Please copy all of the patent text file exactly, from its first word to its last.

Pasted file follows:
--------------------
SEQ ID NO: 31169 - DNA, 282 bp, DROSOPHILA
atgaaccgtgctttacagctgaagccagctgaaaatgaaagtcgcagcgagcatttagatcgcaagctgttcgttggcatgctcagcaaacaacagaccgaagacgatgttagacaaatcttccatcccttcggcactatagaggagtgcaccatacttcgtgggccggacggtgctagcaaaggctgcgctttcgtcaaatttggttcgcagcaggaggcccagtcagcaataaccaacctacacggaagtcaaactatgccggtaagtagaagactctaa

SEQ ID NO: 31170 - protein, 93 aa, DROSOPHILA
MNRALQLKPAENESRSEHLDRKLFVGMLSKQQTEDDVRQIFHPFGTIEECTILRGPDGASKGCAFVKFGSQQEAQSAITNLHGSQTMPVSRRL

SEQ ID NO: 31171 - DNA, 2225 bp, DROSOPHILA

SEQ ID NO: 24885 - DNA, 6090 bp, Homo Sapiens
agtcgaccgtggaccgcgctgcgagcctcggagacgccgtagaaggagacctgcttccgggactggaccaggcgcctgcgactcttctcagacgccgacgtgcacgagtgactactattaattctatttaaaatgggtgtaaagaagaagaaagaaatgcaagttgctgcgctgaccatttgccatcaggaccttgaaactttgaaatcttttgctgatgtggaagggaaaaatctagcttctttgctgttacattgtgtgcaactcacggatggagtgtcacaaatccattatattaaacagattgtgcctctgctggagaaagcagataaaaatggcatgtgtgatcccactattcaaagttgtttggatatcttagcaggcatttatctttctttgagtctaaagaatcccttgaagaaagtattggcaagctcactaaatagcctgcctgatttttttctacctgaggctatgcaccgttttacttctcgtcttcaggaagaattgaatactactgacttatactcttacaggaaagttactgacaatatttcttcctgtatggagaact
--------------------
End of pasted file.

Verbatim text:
SEQ ID NO: 31169 - DNA, 282 bp, DROSOPHILA
atgaaccgtgctttacagctgaagccagctgaaaatgaaagtcgcagcgagcatttagatcgcaagctgttcgttggcatgctcagcaaacaacagaccgaagacgatgttagacaaatcttccatcccttcggcactatagaggagtgcaccatacttcgtgggccggacggtgctagcaaaggctgcgctttcgtcaaatttggttcgcagcaggaggcccagtcagcaataaccaacctacacggaagtcaaactatgccggtaagtagaagactctaa

SEQ ID NO: 31170 - protein, 93 aa, DROSOPHILA
MNRALQLKPAENESRSEHLDRKLFVGMLSKQQTEDDVRQIFHPFGTIEECTILRGPDGASKGCAFVKFGSQQEAQSAITNLHGSQTMPVSRRL

SEQ ID NO: 31171 - DNA, 2225 bp, DROSOPHILA

SEQ ID NO: 24885 - DNA, 6090 bp, Homo Sapiens
agtcgaccgtggaccgcgctgcgagcctcggagacgccgtagaaggagacctgcttccgggactggaccaggcgcctgcgactcttctcagacgccgacgtgcacgagtgactactattaattctatttaaaatgggtgtaaagaagaagaaagaaatgcaagttgctgcgctgaccatttgccatcaggaccttgaaactttgaaatcttttgctgatgtggaagggaaaaatctagcttctttgctgttacattgtgtgcaactcacggatggagtgtcacaaatccattatattaaacagattgtgcctctgctggagaaagcagataaaaatggcatgtgtgatcccactattcaaagttgtttggatatcttagcaggcatttatctttctttgagtctaaagaatcccttgaagaaagtattggcaagctcactaaatagcctgcctgatttttttctacctgaggctatgcaccgttttacttctcgtcttcaggaagaattgaatactactgacttatactcttacaggaaagttactgacaatatttcttcctgtatggagaact